It’s in your interest to make sure reserves are set as accurately as possible.
When a workers’ compensation claim is filed with an insurance company or third-party administrator, the claims professional will try to establish the eventual cost to pay all expenses related to the claim. This is not only prudent business practice but required under insurance state and federal regulations, including the Sarbanes-Oxley Act of 2002.
In most situations most of the detail involving costs, such as medical, indemnity payments and legal expenses, if any, will not be available at the time the claim is submitted.
Nevertheless, a figure must be determined. There are two primary approaches to this. One (the “guesstimate”) is based on previous similar claims. The second involves making a statistical reserve based on the average cost of all previous claims. Regardless of what the initial reserve is or how it was determined, claims examiners will regularly revisit the reserve and revise it based on information obtained about actual or reliable estimates of the actual costs.
For each claim the claims professional will set up a reserve worksheet where costs are itemized in three categories — medical, indemnity and expense (some insurers and TPAs break the expense category into legal expenses and non-legal expenses).
To establish the medical reserve, the claims professional will analyze reports to determine an estimate of the cost in the following sub-categories:
• Diagnostic Testing
• Physical Therapy / Occupational Therapy
• Transportation (to/from medical care)
• Attendant Care
Most work comp claims will not require an estimated amount in every medical reserve category.
To establish the indemnity reserve, the claims professional will analyze the medical reports and discuss with the employer possible modified duty options to get an informed estimate of the claim cost in these sub-categories:
• Temporary Total Disability
• Temporary Partial Disability
• Permanent Partial Disability
• Permanent Total Disability
• Vocational Rehabilitation
• Death Benefits
• Dependent Benefits
Seldom will the claims professional have a dollar amount of reserves in every indemnity category. Most files will have reserves in only two or three of the indemnity sub-categories. For example, one case file might include only reserve amounts for temporary total disability and permanent partial disability, while another file might show only the category of death benefits completed.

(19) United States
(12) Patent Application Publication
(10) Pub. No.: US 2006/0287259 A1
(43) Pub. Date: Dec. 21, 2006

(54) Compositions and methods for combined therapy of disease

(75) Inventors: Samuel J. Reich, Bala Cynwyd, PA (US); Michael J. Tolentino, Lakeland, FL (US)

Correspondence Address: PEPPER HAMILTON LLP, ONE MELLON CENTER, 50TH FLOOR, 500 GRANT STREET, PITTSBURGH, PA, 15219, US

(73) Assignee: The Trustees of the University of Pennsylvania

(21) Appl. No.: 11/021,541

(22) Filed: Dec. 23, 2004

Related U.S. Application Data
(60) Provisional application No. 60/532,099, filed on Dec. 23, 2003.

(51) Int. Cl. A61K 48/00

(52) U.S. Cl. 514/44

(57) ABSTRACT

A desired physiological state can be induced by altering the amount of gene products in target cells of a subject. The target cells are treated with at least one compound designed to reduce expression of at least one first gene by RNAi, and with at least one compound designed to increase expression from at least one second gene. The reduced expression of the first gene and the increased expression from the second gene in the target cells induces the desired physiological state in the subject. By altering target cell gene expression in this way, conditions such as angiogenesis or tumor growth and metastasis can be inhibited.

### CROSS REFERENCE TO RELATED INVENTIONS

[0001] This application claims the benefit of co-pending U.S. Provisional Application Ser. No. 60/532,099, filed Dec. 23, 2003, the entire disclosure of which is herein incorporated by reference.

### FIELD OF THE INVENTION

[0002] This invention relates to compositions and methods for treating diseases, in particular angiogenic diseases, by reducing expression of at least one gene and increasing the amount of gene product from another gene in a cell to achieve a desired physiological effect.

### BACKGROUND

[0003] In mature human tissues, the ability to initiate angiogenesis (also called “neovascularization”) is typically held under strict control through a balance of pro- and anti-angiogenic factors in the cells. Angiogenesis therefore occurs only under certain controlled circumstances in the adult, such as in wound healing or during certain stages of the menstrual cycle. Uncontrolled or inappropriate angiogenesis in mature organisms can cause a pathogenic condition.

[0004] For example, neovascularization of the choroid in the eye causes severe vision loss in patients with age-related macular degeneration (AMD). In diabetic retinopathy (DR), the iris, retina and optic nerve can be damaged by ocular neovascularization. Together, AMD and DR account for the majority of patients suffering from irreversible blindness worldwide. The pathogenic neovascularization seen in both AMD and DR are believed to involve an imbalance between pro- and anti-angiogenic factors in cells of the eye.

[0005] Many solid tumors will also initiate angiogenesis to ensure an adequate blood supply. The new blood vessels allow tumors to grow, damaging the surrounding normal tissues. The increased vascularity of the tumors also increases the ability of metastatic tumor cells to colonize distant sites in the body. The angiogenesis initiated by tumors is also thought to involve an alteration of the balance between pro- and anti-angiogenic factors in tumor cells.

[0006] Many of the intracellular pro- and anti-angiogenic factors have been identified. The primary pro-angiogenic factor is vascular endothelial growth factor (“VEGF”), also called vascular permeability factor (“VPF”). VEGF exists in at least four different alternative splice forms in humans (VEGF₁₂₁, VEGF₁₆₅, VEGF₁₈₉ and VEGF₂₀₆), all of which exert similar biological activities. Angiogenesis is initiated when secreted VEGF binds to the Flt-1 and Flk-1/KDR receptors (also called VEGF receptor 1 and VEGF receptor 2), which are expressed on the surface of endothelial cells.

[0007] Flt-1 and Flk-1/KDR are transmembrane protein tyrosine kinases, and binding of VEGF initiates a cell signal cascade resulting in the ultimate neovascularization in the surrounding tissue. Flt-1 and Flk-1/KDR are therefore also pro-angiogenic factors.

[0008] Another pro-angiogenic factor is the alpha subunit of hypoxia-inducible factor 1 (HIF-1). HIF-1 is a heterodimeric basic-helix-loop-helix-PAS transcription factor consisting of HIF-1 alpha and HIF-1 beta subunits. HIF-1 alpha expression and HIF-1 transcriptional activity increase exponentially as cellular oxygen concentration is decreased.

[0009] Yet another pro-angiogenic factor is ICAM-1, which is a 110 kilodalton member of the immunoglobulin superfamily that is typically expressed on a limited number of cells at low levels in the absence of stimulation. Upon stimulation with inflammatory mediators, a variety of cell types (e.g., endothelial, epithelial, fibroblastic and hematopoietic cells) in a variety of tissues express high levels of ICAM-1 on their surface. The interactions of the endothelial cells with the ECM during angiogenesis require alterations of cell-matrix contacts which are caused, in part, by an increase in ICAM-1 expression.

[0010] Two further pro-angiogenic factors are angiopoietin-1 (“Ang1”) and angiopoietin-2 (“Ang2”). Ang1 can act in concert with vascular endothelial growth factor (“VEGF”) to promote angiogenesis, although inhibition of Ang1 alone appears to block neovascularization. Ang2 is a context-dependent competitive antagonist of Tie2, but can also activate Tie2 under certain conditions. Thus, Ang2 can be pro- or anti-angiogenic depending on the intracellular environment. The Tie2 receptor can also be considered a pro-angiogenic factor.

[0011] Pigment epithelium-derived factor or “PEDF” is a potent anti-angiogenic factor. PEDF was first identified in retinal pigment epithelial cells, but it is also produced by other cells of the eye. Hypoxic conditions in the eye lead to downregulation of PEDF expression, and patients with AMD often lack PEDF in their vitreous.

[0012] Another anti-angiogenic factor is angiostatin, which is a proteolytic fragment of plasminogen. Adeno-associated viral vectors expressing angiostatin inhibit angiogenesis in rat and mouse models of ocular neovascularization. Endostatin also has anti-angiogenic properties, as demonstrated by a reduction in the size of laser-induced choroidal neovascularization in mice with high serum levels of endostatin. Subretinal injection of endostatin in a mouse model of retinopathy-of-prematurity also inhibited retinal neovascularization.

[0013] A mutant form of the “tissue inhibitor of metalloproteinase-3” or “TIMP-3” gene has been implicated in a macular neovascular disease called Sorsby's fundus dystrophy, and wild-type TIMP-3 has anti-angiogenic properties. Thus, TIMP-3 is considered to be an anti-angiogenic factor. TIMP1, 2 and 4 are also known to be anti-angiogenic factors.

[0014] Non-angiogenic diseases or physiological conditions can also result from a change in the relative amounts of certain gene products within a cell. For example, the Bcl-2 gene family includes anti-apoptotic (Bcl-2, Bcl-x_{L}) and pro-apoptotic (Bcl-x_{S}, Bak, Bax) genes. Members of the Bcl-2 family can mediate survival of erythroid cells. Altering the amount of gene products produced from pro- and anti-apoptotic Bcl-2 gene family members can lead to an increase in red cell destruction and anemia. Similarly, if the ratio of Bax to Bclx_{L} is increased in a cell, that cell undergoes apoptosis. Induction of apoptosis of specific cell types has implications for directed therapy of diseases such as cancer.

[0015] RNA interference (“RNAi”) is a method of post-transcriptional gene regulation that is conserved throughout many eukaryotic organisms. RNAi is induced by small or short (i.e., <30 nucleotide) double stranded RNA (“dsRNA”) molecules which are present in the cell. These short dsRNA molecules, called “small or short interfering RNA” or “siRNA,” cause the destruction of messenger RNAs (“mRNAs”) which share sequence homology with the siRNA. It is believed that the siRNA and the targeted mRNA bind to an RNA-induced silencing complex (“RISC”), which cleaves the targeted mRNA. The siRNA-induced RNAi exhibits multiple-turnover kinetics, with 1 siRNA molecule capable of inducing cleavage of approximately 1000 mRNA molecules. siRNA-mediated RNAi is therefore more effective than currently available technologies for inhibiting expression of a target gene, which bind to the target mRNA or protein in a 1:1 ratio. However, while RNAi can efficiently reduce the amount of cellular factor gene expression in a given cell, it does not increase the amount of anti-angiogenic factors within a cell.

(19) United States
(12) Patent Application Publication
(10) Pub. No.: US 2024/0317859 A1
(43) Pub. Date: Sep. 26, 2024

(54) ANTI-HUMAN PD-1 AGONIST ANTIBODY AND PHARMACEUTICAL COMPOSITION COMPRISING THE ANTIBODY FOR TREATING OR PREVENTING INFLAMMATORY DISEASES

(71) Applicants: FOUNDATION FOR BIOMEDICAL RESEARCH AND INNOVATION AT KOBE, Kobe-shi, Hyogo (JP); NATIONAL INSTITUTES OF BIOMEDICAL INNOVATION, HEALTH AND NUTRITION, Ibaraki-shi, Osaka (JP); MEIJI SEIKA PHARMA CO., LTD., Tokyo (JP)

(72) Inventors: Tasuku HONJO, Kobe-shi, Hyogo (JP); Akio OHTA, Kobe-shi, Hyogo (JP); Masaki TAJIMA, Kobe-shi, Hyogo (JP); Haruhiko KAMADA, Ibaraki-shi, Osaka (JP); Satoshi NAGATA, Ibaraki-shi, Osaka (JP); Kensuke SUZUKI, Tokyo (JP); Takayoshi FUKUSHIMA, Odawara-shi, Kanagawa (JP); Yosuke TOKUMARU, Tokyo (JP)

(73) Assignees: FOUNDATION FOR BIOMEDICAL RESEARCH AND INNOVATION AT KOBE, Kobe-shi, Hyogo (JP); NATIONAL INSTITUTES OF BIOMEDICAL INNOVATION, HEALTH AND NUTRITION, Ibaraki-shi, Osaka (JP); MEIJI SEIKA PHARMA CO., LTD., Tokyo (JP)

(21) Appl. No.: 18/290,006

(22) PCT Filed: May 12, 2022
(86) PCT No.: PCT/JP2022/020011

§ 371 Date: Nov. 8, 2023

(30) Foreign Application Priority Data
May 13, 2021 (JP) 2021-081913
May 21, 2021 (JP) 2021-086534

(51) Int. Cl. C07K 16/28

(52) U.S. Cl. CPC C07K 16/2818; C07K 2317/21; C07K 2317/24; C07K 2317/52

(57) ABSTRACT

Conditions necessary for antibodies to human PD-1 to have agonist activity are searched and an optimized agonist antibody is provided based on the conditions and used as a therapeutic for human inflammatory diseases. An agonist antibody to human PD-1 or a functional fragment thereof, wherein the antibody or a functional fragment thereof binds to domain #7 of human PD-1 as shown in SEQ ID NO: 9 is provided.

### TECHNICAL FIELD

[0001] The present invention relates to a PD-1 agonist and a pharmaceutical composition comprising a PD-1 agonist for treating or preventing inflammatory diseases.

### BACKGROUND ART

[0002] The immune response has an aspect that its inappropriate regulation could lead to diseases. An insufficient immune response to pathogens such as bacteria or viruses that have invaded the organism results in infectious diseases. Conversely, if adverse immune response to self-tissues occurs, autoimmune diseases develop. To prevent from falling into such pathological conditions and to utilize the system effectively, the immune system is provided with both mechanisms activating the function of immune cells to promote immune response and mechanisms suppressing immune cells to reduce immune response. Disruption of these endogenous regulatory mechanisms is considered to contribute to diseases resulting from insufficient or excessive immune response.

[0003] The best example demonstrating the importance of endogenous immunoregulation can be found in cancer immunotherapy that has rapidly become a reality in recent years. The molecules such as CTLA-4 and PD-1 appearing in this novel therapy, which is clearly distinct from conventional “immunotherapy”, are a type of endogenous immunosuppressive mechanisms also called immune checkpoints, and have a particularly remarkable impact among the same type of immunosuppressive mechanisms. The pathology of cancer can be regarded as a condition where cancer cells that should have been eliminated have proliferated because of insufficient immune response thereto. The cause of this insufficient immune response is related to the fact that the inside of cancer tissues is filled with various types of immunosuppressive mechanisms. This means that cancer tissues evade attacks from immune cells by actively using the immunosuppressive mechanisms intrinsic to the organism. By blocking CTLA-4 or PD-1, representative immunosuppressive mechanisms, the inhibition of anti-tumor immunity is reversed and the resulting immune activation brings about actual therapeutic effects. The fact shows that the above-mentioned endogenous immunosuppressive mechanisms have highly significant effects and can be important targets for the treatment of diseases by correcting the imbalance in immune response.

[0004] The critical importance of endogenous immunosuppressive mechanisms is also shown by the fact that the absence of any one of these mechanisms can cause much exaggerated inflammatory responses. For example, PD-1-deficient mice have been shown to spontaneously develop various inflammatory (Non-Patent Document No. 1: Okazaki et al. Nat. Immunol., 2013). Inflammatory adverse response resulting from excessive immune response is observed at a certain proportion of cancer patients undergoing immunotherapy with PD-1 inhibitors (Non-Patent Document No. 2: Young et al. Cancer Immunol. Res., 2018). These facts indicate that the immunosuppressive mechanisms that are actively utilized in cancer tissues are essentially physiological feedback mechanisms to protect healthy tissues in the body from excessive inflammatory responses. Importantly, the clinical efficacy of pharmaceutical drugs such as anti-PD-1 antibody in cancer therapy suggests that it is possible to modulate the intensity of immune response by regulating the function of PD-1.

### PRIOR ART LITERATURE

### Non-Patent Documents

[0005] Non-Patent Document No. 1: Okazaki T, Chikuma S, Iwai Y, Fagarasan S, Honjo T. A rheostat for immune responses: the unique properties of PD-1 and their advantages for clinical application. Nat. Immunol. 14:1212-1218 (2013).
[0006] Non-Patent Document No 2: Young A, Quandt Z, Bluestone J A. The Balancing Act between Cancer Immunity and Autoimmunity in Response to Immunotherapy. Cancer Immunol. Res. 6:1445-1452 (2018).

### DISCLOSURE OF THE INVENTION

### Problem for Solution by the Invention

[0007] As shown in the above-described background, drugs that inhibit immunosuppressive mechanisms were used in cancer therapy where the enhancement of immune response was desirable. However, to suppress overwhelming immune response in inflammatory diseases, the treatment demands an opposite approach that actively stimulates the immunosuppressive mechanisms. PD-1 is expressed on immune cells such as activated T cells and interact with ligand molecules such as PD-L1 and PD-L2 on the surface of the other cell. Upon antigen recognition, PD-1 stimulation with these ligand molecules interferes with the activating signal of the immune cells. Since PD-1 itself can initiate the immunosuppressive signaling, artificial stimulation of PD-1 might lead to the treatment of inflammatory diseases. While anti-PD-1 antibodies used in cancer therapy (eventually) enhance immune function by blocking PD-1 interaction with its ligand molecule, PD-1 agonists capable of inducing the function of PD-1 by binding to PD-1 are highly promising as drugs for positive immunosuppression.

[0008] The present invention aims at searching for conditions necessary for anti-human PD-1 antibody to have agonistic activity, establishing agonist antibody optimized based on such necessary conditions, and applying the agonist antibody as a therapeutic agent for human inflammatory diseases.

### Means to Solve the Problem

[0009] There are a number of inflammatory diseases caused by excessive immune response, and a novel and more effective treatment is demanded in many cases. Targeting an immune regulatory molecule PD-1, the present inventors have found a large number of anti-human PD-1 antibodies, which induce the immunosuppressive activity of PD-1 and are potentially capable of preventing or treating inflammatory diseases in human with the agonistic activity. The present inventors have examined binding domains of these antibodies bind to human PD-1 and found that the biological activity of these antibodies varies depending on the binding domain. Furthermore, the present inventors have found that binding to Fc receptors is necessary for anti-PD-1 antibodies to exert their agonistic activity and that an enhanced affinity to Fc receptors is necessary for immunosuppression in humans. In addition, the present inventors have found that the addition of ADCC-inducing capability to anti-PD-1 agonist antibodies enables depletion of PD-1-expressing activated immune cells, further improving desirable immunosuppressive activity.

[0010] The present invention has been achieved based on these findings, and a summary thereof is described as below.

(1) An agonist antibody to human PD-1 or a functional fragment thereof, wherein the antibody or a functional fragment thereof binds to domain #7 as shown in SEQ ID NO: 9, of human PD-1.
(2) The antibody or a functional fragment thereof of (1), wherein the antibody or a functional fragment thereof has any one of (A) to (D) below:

Expense reserve sub-categories include:
• Defense Attorneys
• Court Costs
• Court Reporters
• State Filing Fees
• Peer Reviews (some insurers and TPAs put this in the medical reserve)
• Independent Medical Examinations (some insurers and TPAs put this in the medical reserve)
• Medical Reports (some insurers and TPAs put this in the medical reserve)
• Medical Management Cost (medical fee schedule reviews, nurse case managers, triage nurses, etc.)
• Any Other Expense
Completing the Reserve Worksheet
To calculate the total reserve for the workers’ compensation claim, the dollar amounts for medical, indemnity and expenses are combined.
But adding up the result on the reserve worksheet is the final step for reserving the claim. As new medical information or legal information becomes available that changes the medical prognosis, extent of the indemnity payment or the legal responsibility on the claim, the claims professional will review the reserves in all categories and make the necessary corrections, increasing or decreasing the reserve amount.
Goal: Make Claim Reserves Match Final Settlement
As attorney Rebecca A. Shafer points out in her workbook, Workers’ compensation Management: How to Reduce Costs 20% – 50%, “The goal of reserving is to have the ultimate (final) value of the claim stated as soon as practical, with the understanding that the ultimate value of the claim is subject to change.”
Rarely will the amount set for the total reserve and the final amount paid be the same when the claim file is closed. However, the goal of the claims professional is to strive to constantly ascertain as accurately as possible what the final settlement amount will be. It’s an ongoing task that requires consistent, conscientious updating.
“Accurate reserving of the claim file is very important to the employer,” says Shafer. “If the claim file reserves are too high, the dollar amounts the underwriter uses to calculate future insurance premiums are overstated causing the insurance premiums to be higher than it should be. When the reserves are set too low, an upward adjustment in the reserve amount has to be made in order to pay the correct amount when the claim is settled/concluded.”
It’s important to monitor your reserve adjustments. If your loss runs reflect large reserve adjustments of 10% or more to the total claim reserve, either up or down at the time of the claim conclusion, you should ask your insurer or third-party administrator to provide details. It’s in your interest to make sure reserves are set as accurately as possible.
If you have questions about your workers’ compensation reserves, please contact us.